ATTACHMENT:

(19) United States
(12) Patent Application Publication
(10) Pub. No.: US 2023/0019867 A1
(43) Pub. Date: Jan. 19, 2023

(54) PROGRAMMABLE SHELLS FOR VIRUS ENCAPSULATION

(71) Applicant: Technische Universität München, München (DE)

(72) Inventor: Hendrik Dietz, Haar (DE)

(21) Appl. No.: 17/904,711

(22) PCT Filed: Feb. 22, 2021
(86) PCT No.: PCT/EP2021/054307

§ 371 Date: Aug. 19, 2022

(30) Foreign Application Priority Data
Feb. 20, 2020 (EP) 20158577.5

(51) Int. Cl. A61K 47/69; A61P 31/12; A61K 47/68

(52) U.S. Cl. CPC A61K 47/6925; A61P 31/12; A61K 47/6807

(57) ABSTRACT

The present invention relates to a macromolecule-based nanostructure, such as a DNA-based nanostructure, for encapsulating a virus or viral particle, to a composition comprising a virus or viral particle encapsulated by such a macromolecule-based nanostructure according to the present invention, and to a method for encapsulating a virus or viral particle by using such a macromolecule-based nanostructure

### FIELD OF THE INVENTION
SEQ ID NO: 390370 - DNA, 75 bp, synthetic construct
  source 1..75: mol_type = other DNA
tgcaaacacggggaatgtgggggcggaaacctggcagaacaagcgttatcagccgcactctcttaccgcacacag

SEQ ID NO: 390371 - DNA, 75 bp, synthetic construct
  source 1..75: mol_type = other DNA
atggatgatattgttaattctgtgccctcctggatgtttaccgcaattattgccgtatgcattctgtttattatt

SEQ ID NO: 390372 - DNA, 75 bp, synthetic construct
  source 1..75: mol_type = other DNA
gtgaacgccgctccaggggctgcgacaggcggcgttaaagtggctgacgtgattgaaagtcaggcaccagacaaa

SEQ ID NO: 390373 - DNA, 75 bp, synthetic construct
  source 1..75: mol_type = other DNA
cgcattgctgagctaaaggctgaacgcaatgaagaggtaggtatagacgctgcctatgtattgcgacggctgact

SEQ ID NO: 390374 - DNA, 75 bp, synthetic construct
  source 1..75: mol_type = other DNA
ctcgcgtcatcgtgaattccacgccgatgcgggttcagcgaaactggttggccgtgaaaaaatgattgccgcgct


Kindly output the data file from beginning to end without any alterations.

(19) United States
(12) Patent Application Publication
(10) Pub. No.: US 2023/0019867 A1
(43) Pub. Date: Jan. 19, 2023

(54) PROGRAMMABLE SHELLS FOR VIRUS ENCAPSULATION

(71) Applicant: Technische Universität München, München (DE)

(72) Inventor: Hendrik Dietz, Haar (DE)

(21) Appl. No.: 17/904,711

(22) PCT Filed: Feb. 22, 2021
(86) PCT No.: PCT/EP2021/054307

§ 371 Date: Aug. 19, 2022

(30) Foreign Application Priority Data
Feb. 20, 2020 (EP) 20158577.5

(51) Int. Cl. A61K 47/69; A61P 31/12; A61K 47/68

(52) U.S. Cl. CPC A61K 47/6925; A61P 31/12; A61K 47/6807

(57) ABSTRACT

The present invention relates to a macromolecule-based nanostructure, such as a DNA-based nanostructure, for encapsulating a virus or viral particle, to a composition comprising a virus or viral particle encapsulated by such a macromolecule-based nanostructure according to the present invention, and to a method for encapsulating a virus or viral particle by using such a macromolecule-based nanostructure

### FIELD OF THE INVENTION
SEQ ID NO: 390370 - DNA, 75 bp, synthetic construct
  source 1..75: mol_type = other DNA
tgcaaacacggggaatgtgggggcggaaacctggcagaacaagcgttatcagccgcactctcttaccgcacacag

SEQ ID NO: 390371 - DNA, 75 bp, synthetic construct
  source 1..75: mol_type = other DNA
atggatgatattgttaattctgtgccctcctggatgtttaccgcaattattgccgtatgcattctgtttattatt

SEQ ID NO: 390372 - DNA, 75 bp, synthetic construct
  source 1..75: mol_type = other DNA
gtgaacgccgctccaggggctgcgacaggcggcgttaaagtggctgacgtgattgaaagtcaggcaccagacaaa

SEQ ID NO: 390373 - DNA, 75 bp, synthetic construct
  source 1..75: mol_type = other DNA
cgcattgctgagctaaaggctgaacgcaatgaagaggtaggtatagacgctgcctatgtattgcgacggctgact

SEQ ID NO: 390374 - DNA, 75 bp, synthetic construct
  source 1..75: mol_type = other DNA
ctcgcgtcatcgtgaattccacgccgatgcgggttcagcgaaactggttggccgtgaaaaaatgattgccgcgct